©2007 Publications International, Ltd. Horsetail is a diuretic that can help urine flow and halt bleeding from the urinary tract.

Often called a bladder infection, a urinary tract infection (UTI) can affect not only the bladder but also the kidney and the urethra, the tube that carries urine out of the body.

Painful and inconvenient, a UTI results in frequent urges to urinate with little production of urine and is accompanied by a severe burning sensation. Women are most often affected, and the infections sometimes recur frequently.

While highly uncomfortable, UTIs can be treated with a number of herbal remedies that can bring much-needed relief and also expediate healing.

Herbal Remedies for Urinary Tract Infections

There are several herbs that help tackle a UTI. Goldenseal and Oregon grape both contain berberine and other alkaloids that kill bacteria and stimulate the immune system. These herbs also appear to inhibit infection-causing bacteria from adhering to the wall of the bladder, so they are sloughed off in urine.

Though not a garden plant, cranberry is an essential remedy for preventing and treating UTIs. Drink 16-24 ounces per day of unsweetened juice or use capsules.

Another herb, uva ursi, helps to kill bacteria. It possesses a compound called arbutin, which the body converts into a bacteria-killing substance. In Europe, uva ursi is widely used to treat UTIs.

Alkaline urine is necessary for arbutin to be most effective. Drinking large (more than 16 ounces) amounts of cranberry juice can affect the pH of urine and interfere with arbutin. Sometimes it is necessary to take bicarbonate of soda to make the urine alkaline enough for arbutin to work.

Herbs that have diuretic abilities, increasing the amount of urine that passes through the bladder, help wash away bacteria. Hydrangea, parsley, and dandelion leaves are diuretics. Parsley's seeds also contain a substance that is sometimes used to treat UTIs; it also helps reduce inflammation.

Horsetail is an astringent diuretic encouraging urine flow and halting bleeding from the urinary tract.

Marshmallow soothes inflamed areas and enhances immune function to help fight off unwanted bacteria. Mullein also is known for reducing urinary tract inflammation.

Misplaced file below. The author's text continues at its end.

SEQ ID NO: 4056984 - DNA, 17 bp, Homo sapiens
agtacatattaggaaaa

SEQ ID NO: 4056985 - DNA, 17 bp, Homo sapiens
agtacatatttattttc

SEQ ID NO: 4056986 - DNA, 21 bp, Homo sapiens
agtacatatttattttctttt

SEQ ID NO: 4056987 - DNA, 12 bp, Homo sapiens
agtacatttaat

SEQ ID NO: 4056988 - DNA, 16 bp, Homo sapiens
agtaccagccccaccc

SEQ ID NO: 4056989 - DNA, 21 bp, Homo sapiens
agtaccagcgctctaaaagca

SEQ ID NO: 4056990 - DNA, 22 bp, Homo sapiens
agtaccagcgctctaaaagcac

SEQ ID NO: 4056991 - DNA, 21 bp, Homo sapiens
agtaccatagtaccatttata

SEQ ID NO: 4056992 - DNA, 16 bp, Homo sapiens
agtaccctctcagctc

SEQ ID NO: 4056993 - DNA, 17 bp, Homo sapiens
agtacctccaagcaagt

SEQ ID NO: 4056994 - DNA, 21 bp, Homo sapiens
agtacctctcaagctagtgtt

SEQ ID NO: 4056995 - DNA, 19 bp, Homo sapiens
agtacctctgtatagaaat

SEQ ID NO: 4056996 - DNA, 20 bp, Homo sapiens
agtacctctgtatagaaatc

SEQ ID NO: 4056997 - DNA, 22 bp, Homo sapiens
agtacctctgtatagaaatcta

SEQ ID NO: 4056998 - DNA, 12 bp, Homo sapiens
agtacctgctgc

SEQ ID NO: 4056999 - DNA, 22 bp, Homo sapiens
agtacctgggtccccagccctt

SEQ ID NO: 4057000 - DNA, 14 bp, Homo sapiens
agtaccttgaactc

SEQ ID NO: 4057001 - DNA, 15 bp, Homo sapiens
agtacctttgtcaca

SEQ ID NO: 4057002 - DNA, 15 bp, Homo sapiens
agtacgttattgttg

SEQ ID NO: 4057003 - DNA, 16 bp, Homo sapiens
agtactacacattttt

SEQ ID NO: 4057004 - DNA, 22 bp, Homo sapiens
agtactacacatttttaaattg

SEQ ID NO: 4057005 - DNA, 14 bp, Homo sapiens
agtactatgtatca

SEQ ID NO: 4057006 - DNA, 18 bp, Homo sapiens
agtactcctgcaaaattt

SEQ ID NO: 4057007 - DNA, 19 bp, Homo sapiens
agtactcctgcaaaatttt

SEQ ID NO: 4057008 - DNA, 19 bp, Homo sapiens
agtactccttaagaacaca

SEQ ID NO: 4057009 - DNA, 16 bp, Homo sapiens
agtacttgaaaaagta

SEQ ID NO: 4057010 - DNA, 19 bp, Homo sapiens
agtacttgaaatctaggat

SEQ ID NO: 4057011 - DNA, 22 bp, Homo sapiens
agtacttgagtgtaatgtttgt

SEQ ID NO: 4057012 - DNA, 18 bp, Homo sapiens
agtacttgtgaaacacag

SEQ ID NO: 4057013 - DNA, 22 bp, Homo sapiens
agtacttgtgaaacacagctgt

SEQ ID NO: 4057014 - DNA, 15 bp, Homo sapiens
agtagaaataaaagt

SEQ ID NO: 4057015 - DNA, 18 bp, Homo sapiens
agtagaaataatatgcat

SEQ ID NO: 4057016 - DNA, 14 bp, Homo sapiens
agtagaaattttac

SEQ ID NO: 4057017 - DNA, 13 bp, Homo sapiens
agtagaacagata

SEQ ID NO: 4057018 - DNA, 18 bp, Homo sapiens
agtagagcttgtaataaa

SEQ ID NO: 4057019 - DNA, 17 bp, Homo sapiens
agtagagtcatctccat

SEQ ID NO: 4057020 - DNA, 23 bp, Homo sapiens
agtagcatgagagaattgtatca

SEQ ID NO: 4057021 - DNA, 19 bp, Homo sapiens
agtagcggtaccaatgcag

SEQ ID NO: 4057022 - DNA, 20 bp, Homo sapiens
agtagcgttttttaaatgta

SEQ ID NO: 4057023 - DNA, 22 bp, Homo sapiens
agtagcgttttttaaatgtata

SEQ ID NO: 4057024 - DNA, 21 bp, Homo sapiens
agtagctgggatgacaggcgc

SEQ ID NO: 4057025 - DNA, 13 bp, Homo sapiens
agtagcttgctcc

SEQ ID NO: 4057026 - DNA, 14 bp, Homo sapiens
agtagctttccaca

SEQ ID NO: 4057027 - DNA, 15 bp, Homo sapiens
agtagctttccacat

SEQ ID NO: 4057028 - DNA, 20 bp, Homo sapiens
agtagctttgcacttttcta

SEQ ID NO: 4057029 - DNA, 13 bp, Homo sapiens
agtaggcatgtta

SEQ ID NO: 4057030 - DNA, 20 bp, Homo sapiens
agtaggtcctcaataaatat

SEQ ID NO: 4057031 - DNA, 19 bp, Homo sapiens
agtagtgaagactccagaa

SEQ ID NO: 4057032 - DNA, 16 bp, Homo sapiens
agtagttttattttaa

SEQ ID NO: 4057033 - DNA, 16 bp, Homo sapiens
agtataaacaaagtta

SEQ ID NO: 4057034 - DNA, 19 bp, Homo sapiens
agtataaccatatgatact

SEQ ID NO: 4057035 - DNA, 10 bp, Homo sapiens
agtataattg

The leaves, flowers, and especially the seeds of nasturtium contain natural antibiotics that may be helpful in preventing UTIs. Horseradish root also contains an antibiotic substance along with a good dose of vitamin C, both of which may be helpful in treating this condition.

Vitamins A and C, richly found in the produce from your healing garden, are good for preventing UTIs. The vitamin A, usually in the form of beta-carotene in plants, helps cells form properly and maintains their integrity, making them more resistant to invasion from unfriendly bacteria. Vitamin C not only helps the immune system with production of certain infection-fighters, but in large amounts it can increase urine's acidity. The bacteria that cause this infection do not survive well under acidic conditions, so vitamin C tends to inhibit them.

However, it takes more vitamin C than can be obtained from foods. At least 5,000 mg of this nutrient are needed to significantly acidify the urine; one orange contains about 60 mg.

Do not use goldenseal, Oregon grape, or uva ursi if you are pregnant or nursing. Also, although a UTI may feel better, it's important to proceed cautiously. Unless you are quickly successful with herbal remedies, it's very important to seek medical care promptly.

During and after a UTI, always follow up with a health care provider. Symptoms may disappear, but the infectious bacteria can make its way up to the kidney and cause damage and even death. Only a urinalysis can reveal whether all offending bacteria are out of the entire urinary tract. Always seek medical advice if there is blood in the urine.

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This information is solely for informational purposes. IT IS NOT INTENDED TO PROVIDE MEDICAL ADVICE. Neither the Editors of Consumer Guide (R), Publications International, Ltd., the author nor publisher take responsibility for any possible consequences from any treatment, procedure, exercise, dietary modification, action or application of medication which results from reading or following the information contained in this information. The publication of this information does not constitute the practice of medicine, and this information does not replace the advice of your physician or other health care provider. Before undertaking any course of treatment, the reader must seek the advice of their physician or other health care provider.Before engaging in any complementary medical technique, including the use of natural or herbal remedies, you should be aware that many of these techniques have not been evaluated in scientific studies.   Use of these remedies in connection with over the counter or prescription medications can cause severe adverse reactions. Often, only limited information is available about their safety and effectiveness. Each state and each discipline has its own rules about whether practitioners are required to be professionally licensed. If you plan to visit a practitioner, it is recommended that you choose one who is licensed by a recognized national organization and who abides by the organization's standards. It is always best to speak with your primary health care provider before starting any new therapeutic technique.